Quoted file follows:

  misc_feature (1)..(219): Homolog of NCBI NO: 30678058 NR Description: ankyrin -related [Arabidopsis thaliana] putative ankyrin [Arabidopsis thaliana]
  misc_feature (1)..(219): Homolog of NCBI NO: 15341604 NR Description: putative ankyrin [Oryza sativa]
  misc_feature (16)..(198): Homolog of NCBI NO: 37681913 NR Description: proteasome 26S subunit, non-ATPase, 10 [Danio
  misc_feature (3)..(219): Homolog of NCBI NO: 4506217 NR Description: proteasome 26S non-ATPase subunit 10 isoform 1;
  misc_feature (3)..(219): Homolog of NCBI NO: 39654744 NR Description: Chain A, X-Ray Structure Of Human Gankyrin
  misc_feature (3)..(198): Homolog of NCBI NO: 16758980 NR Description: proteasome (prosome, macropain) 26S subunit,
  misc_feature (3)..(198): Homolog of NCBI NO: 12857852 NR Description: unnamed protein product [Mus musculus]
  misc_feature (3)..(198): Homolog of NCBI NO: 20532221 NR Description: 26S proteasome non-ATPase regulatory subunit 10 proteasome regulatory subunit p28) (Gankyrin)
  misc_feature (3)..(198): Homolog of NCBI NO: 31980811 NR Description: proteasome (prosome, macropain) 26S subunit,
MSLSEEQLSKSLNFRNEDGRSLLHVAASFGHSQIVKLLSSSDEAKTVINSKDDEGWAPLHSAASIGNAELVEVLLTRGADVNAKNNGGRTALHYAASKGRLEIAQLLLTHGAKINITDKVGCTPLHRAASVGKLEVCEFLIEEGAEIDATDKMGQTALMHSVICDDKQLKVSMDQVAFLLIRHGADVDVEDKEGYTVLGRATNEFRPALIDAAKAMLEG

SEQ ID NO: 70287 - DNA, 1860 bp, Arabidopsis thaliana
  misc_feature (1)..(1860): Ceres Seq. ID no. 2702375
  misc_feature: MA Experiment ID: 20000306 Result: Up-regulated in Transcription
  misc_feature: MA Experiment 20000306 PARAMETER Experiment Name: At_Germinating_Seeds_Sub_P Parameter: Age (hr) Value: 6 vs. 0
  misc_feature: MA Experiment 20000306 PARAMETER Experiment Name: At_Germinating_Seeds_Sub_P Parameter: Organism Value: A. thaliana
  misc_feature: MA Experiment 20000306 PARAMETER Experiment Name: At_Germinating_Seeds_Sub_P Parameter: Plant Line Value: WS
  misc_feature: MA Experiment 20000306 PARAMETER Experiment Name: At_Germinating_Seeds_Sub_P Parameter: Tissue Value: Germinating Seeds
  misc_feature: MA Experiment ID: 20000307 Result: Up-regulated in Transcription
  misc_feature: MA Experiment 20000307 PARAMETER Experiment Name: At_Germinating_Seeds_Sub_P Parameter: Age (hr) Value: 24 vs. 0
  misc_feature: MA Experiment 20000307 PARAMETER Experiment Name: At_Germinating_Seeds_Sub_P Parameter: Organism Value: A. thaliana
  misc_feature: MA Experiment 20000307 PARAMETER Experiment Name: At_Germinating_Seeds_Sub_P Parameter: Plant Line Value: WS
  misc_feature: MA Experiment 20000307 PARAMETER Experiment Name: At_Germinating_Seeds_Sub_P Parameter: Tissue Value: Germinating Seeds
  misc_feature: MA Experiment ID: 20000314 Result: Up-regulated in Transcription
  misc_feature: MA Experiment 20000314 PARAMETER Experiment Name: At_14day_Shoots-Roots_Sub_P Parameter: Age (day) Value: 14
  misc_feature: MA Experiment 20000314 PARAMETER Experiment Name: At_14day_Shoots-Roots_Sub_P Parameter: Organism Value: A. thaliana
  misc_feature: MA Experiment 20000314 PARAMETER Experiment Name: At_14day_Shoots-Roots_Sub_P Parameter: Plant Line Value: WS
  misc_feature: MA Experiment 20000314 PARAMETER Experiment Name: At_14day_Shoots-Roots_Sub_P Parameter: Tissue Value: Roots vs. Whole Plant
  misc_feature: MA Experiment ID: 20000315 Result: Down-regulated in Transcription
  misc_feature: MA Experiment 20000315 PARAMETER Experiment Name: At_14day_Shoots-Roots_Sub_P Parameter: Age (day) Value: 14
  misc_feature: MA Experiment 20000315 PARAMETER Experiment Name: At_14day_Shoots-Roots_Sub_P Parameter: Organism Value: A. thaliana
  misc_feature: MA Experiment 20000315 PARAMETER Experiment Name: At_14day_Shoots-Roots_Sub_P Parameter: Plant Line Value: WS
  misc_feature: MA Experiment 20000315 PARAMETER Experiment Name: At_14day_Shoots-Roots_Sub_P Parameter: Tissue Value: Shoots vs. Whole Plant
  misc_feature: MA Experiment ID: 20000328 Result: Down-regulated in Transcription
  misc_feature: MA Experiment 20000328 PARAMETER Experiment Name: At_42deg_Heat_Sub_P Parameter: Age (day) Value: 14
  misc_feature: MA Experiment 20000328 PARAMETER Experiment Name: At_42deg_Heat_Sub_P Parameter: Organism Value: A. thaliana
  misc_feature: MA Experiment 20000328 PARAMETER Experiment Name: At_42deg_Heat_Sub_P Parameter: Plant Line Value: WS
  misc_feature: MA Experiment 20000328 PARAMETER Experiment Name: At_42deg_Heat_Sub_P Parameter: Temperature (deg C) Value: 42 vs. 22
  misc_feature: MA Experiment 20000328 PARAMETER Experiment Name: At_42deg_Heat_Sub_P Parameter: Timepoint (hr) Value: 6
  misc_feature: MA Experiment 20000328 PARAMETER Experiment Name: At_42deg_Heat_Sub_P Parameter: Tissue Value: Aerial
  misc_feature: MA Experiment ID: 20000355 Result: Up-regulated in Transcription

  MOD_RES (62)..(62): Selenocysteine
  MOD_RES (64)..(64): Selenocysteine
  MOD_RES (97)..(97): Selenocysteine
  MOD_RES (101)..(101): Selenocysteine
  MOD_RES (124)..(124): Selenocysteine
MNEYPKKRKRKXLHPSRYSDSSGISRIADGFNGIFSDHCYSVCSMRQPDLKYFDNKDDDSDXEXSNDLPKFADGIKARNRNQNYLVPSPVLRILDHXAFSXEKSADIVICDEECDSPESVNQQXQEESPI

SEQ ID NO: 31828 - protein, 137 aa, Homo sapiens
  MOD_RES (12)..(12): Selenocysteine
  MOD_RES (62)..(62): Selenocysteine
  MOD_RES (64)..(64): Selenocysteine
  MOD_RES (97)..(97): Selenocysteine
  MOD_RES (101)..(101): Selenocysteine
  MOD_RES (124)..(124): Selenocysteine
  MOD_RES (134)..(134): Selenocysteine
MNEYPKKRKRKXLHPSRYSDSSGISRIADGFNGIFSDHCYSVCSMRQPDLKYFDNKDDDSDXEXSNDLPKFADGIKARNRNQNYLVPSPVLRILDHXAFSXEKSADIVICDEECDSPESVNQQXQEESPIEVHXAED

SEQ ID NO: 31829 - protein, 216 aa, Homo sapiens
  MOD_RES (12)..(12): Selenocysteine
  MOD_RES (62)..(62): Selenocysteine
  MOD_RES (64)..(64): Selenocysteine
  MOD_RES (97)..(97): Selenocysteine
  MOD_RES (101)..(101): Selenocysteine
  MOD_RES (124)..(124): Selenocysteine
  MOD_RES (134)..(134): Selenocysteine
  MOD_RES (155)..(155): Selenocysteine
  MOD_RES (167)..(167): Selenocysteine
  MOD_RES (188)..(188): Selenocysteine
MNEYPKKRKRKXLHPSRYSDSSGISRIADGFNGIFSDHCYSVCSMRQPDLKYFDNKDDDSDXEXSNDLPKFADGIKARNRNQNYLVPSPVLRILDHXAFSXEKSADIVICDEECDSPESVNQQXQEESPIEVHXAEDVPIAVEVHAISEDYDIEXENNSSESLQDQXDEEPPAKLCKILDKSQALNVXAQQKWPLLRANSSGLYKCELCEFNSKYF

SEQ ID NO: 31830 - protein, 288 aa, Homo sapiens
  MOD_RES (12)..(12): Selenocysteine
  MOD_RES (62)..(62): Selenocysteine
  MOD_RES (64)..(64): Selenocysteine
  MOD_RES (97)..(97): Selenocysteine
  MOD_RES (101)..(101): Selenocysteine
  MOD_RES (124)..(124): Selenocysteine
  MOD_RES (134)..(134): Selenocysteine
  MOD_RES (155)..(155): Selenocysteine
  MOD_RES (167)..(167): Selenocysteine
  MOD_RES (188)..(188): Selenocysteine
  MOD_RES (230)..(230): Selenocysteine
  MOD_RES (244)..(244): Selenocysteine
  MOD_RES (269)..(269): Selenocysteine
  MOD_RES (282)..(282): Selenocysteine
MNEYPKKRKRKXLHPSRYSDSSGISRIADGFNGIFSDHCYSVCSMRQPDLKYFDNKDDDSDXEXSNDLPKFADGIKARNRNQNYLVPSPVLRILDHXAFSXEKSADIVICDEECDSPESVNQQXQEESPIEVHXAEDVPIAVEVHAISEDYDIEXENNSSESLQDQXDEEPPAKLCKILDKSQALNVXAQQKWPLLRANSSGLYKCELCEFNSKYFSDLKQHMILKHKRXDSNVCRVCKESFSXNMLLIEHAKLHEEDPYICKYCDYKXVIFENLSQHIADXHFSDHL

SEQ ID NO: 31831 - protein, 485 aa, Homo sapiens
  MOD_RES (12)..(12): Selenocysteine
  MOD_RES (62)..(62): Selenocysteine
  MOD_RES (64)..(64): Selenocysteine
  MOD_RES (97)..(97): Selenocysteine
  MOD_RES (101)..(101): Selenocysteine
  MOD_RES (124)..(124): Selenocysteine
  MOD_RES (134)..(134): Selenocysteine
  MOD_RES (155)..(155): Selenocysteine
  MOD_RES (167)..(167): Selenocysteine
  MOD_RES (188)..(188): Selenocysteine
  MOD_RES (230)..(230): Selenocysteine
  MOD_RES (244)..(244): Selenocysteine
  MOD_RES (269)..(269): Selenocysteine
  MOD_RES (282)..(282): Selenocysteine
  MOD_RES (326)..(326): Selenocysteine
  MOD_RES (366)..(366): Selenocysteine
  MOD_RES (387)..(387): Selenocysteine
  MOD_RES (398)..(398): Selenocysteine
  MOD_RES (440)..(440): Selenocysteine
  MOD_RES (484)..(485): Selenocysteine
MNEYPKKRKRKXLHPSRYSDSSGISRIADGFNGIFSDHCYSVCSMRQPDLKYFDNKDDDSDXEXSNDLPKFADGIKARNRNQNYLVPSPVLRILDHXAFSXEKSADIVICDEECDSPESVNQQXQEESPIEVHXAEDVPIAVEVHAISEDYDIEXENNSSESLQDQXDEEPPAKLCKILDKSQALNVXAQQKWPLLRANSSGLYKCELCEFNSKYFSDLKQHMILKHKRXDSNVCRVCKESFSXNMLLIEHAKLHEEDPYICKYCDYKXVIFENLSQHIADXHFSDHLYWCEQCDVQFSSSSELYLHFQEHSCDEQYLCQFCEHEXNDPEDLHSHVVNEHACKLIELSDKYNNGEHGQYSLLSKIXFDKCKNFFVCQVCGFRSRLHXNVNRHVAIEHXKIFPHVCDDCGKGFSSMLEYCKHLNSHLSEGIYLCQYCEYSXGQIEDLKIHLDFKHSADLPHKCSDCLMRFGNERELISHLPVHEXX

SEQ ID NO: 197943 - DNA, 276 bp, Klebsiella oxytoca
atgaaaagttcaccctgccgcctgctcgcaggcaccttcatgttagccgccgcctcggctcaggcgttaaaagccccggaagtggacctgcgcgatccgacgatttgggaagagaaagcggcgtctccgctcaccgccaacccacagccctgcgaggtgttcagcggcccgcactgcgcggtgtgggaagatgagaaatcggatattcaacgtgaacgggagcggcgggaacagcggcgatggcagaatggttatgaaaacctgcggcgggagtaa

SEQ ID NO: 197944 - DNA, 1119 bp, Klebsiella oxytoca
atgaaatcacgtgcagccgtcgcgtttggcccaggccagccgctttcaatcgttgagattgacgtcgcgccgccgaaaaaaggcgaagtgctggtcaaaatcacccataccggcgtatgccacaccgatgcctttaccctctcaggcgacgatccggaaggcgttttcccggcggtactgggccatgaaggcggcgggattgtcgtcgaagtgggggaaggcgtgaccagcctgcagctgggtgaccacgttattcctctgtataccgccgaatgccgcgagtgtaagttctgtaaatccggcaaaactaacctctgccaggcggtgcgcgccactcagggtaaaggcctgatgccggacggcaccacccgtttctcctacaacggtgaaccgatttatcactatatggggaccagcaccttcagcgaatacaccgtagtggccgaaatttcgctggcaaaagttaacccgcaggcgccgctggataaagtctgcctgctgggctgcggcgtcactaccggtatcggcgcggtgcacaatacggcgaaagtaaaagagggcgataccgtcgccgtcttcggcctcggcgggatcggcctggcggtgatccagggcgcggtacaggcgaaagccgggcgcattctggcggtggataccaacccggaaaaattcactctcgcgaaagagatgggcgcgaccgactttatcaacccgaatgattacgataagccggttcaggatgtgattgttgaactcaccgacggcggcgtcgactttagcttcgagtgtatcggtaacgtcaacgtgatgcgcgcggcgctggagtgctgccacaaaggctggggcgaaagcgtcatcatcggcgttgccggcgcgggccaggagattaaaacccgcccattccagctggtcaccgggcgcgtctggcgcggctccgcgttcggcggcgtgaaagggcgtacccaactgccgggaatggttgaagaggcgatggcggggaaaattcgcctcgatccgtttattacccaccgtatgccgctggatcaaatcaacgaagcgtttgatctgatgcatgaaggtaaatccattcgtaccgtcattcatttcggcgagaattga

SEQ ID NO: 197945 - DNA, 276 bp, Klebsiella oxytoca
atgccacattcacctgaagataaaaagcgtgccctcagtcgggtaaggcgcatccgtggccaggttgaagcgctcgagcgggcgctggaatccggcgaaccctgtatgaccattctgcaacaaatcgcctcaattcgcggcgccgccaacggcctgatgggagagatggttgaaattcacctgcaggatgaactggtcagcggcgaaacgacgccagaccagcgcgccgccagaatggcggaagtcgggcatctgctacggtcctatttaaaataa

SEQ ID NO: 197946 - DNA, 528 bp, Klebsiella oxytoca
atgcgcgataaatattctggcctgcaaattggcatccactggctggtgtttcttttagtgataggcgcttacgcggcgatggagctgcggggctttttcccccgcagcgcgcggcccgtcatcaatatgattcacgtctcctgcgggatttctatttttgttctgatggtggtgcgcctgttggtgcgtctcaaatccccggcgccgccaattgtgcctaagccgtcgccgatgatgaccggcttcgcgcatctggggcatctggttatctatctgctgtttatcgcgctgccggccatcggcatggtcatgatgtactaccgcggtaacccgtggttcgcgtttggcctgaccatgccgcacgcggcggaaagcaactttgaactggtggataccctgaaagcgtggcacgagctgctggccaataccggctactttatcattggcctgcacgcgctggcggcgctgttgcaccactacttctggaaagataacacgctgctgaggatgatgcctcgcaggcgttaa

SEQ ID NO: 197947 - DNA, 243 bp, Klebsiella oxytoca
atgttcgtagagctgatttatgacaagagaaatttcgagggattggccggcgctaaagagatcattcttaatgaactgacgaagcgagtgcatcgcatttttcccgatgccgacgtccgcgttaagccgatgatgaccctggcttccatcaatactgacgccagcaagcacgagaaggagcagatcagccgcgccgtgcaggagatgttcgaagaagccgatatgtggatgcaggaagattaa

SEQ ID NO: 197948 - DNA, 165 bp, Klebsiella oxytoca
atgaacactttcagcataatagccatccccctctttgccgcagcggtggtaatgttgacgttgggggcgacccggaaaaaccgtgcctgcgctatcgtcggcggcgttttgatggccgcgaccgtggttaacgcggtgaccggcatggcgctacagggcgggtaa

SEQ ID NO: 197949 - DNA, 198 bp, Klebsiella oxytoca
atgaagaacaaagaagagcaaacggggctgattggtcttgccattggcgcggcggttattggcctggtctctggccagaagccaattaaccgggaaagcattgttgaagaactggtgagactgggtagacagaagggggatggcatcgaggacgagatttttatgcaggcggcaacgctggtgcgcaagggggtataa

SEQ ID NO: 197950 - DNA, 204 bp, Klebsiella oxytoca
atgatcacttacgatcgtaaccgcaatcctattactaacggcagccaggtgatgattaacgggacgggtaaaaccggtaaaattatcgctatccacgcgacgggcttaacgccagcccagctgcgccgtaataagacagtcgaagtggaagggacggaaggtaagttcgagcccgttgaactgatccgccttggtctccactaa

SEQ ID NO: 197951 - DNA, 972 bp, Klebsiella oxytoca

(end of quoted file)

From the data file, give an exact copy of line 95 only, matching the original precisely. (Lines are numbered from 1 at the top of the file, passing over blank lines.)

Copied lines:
  MOD_RES (230)..(230): Selenocysteine